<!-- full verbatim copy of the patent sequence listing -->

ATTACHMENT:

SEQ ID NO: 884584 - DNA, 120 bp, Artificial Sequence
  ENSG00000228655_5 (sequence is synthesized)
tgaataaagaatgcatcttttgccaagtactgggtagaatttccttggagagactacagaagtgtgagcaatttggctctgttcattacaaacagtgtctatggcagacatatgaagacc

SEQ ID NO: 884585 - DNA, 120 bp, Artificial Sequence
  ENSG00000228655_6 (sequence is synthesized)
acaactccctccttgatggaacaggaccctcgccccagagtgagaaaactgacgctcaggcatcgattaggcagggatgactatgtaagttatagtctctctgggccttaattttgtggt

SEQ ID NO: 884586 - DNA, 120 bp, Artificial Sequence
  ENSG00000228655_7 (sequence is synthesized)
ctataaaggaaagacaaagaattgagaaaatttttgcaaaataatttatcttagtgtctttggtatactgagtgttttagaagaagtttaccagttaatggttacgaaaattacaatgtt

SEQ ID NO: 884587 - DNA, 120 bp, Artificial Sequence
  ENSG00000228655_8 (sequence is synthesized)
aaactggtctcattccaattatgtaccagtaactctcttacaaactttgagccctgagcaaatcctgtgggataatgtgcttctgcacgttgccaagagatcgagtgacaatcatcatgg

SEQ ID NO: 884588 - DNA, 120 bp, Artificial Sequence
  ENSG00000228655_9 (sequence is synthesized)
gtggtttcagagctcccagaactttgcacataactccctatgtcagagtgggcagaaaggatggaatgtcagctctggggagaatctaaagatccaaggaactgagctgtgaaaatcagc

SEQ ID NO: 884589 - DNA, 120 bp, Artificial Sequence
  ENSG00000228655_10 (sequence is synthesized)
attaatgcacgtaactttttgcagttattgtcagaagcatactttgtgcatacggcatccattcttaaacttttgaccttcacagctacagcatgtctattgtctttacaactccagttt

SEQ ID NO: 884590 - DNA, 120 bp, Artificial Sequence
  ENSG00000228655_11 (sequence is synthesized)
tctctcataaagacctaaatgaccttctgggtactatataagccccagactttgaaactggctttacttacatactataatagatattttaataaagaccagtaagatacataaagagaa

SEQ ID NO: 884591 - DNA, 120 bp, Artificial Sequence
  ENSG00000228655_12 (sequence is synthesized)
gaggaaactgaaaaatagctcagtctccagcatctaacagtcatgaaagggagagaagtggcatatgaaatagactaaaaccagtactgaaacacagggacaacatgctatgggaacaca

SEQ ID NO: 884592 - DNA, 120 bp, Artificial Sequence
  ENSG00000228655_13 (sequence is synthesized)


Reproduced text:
SEQ ID NO: 884584 - DNA, 120 bp, Artificial Sequence
  ENSG00000228655_5 (sequence is synthesized)
tgaataaagaatgcatcttttgccaagtactgggtagaatttccttggagagactacagaagtgtgagcaatttggctctgttcattacaaacagtgtctatggcagacatatgaagacc

SEQ ID NO: 884585 - DNA, 120 bp, Artificial Sequence
  ENSG00000228655_6 (sequence is synthesized)
acaactccctccttgatggaacaggaccctcgccccagagtgagaaaactgacgctcaggcatcgattaggcagggatgactatgtaagttatagtctctctgggccttaattttgtggt

SEQ ID NO: 884586 - DNA, 120 bp, Artificial Sequence
  ENSG00000228655_7 (sequence is synthesized)
ctataaaggaaagacaaagaattgagaaaatttttgcaaaataatttatcttagtgtctttggtatactgagtgttttagaagaagtttaccagttaatggttacgaaaattacaatgtt

SEQ ID NO: 884587 - DNA, 120 bp, Artificial Sequence
  ENSG00000228655_8 (sequence is synthesized)
aaactggtctcattccaattatgtaccagtaactctcttacaaactttgagccctgagcaaatcctgtgggataatgtgcttctgcacgttgccaagagatcgagtgacaatcatcatgg

SEQ ID NO: 884588 - DNA, 120 bp, Artificial Sequence
  ENSG00000228655_9 (sequence is synthesized)
gtggtttcagagctcccagaactttgcacataactccctatgtcagagtgggcagaaaggatggaatgtcagctctggggagaatctaaagatccaaggaactgagctgtgaaaatcagc

SEQ ID NO: 884589 - DNA, 120 bp, Artificial Sequence
  ENSG00000228655_10 (sequence is synthesized)
attaatgcacgtaactttttgcagttattgtcagaagcatactttgtgcatacggcatccattcttaaacttttgaccttcacagctacagcatgtctattgtctttacaactccagttt

SEQ ID NO: 884590 - DNA, 120 bp, Artificial Sequence
  ENSG00000228655_11 (sequence is synthesized)
tctctcataaagacctaaatgaccttctgggtactatataagccccagactttgaaactggctttacttacatactataatagatattttaataaagaccagtaagatacataaagagaa

SEQ ID NO: 884591 - DNA, 120 bp, Artificial Sequence
  ENSG00000228655_12 (sequence is synthesized)
gaggaaactgaaaaatagctcagtctccagcatctaacagtcatgaaagggagagaagtggcatatgaaatagactaaaaccagtactgaaacacagggacaacatgctatgggaacaca

SEQ ID NO: 884592 - DNA, 120 bp, Artificial Sequence
  ENSG00000228655_13 (sequence is synthesized)